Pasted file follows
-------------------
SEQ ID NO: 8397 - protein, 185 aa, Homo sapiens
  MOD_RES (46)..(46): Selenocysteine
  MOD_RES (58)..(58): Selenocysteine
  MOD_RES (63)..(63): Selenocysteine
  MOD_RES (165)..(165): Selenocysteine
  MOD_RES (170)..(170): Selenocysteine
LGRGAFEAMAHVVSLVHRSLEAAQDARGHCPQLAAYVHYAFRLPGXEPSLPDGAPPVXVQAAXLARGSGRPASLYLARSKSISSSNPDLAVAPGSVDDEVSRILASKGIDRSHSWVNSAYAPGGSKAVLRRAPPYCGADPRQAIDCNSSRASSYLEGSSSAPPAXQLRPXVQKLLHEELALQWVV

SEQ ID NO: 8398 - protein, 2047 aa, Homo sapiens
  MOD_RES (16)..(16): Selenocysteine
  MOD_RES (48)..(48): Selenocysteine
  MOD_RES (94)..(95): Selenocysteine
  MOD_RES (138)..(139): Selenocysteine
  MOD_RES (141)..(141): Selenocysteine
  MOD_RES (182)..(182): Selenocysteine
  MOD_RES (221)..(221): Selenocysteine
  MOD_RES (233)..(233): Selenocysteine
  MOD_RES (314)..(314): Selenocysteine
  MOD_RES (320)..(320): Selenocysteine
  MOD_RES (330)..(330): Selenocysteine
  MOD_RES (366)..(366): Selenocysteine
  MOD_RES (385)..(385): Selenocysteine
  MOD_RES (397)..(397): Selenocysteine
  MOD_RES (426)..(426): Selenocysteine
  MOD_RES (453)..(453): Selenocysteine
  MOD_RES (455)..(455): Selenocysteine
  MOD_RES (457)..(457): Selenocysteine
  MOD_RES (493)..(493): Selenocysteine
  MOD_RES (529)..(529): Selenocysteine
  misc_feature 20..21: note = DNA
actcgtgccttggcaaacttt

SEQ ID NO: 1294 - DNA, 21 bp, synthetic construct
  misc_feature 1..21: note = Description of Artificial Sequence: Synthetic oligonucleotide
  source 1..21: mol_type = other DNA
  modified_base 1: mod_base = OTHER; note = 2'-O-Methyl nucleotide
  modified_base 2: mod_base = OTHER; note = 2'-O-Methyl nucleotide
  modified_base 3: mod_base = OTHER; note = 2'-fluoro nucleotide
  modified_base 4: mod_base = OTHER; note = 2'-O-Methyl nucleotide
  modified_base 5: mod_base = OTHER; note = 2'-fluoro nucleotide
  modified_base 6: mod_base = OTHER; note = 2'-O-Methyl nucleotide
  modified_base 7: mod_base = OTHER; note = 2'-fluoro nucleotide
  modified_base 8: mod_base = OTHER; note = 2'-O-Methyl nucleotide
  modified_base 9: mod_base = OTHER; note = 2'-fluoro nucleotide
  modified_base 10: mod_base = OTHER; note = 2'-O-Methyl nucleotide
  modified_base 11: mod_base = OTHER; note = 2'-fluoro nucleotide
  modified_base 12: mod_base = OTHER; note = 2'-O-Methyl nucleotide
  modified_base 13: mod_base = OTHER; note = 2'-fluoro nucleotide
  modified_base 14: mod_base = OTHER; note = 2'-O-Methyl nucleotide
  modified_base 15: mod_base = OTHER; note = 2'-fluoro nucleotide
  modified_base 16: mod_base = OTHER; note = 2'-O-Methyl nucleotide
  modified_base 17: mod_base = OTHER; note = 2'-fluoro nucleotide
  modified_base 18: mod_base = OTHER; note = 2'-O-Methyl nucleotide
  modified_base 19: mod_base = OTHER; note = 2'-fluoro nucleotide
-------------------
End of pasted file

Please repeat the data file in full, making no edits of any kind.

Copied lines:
SEQ ID NO: 8397 - protein, 185 aa, Homo sapiens
  MOD_RES (46)..(46): Selenocysteine
  MOD_RES (58)..(58): Selenocysteine
  MOD_RES (63)..(63): Selenocysteine
  MOD_RES (165)..(165): Selenocysteine
  MOD_RES (170)..(170): Selenocysteine
LGRGAFEAMAHVVSLVHRSLEAAQDARGHCPQLAAYVHYAFRLPGXEPSLPDGAPPVXVQAAXLARGSGRPASLYLARSKSISSSNPDLAVAPGSVDDEVSRILASKGIDRSHSWVNSAYAPGGSKAVLRRAPPYCGADPRQAIDCNSSRASSYLEGSSSAPPAXQLRPXVQKLLHEELALQWVV

SEQ ID NO: 8398 - protein, 2047 aa, Homo sapiens
  MOD_RES (16)..(16): Selenocysteine
  MOD_RES (48)..(48): Selenocysteine
  MOD_RES (94)..(95): Selenocysteine
  MOD_RES (138)..(139): Selenocysteine
  MOD_RES (141)..(141): Selenocysteine
  MOD_RES (182)..(182): Selenocysteine
  MOD_RES (221)..(221): Selenocysteine
  MOD_RES (233)..(233): Selenocysteine
  MOD_RES (314)..(314): Selenocysteine
  MOD_RES (320)..(320): Selenocysteine
  MOD_RES (330)..(330): Selenocysteine
  MOD_RES (366)..(366): Selenocysteine
  MOD_RES (385)..(385): Selenocysteine
  MOD_RES (397)..(397): Selenocysteine
  MOD_RES (426)..(426): Selenocysteine
  MOD_RES (453)..(453): Selenocysteine
  MOD_RES (455)..(455): Selenocysteine
  MOD_RES (457)..(457): Selenocysteine
  MOD_RES (493)..(493): Selenocysteine
  MOD_RES (529)..(529): Selenocysteine
  misc_feature 20..21: note = DNA
actcgtgccttggcaaacttt

SEQ ID NO: 1294 - DNA, 21 bp, synthetic construct
  misc_feature 1..21: note = Description of Artificial Sequence: Synthetic oligonucleotide
  source 1..21: mol_type = other DNA
  modified_base 1: mod_base = OTHER; note = 2'-O-Methyl nucleotide
  modified_base 2: mod_base = OTHER; note = 2'-O-Methyl nucleotide
  modified_base 3: mod_base = OTHER; note = 2'-fluoro nucleotide
  modified_base 4: mod_base = OTHER; note = 2'-O-Methyl nucleotide
  modified_base 5: mod_base = OTHER; note = 2'-fluoro nucleotide
  modified_base 6: mod_base = OTHER; note = 2'-O-Methyl nucleotide
  modified_base 7: mod_base = OTHER; note = 2'-fluoro nucleotide
  modified_base 8: mod_base = OTHER; note = 2'-O-Methyl nucleotide
  modified_base 9: mod_base = OTHER; note = 2'-fluoro nucleotide
  modified_base 10: mod_base = OTHER; note = 2'-O-Methyl nucleotide
  modified_base 11: mod_base = OTHER; note = 2'-fluoro nucleotide
  modified_base 12: mod_base = OTHER; note = 2'-O-Methyl nucleotide
  modified_base 13: mod_base = OTHER; note = 2'-fluoro nucleotide
  modified_base 14: mod_base = OTHER; note = 2'-O-Methyl nucleotide
  modified_base 15: mod_base = OTHER; note = 2'-fluoro nucleotide
  modified_base 16: mod_base = OTHER; note = 2'-O-Methyl nucleotide
  modified_base 17: mod_base = OTHER; note = 2'-fluoro nucleotide
  modified_base 18: mod_base = OTHER; note = 2'-O-Methyl nucleotide
  modified_base 19: mod_base = OTHER; note = 2'-fluoro nucleotide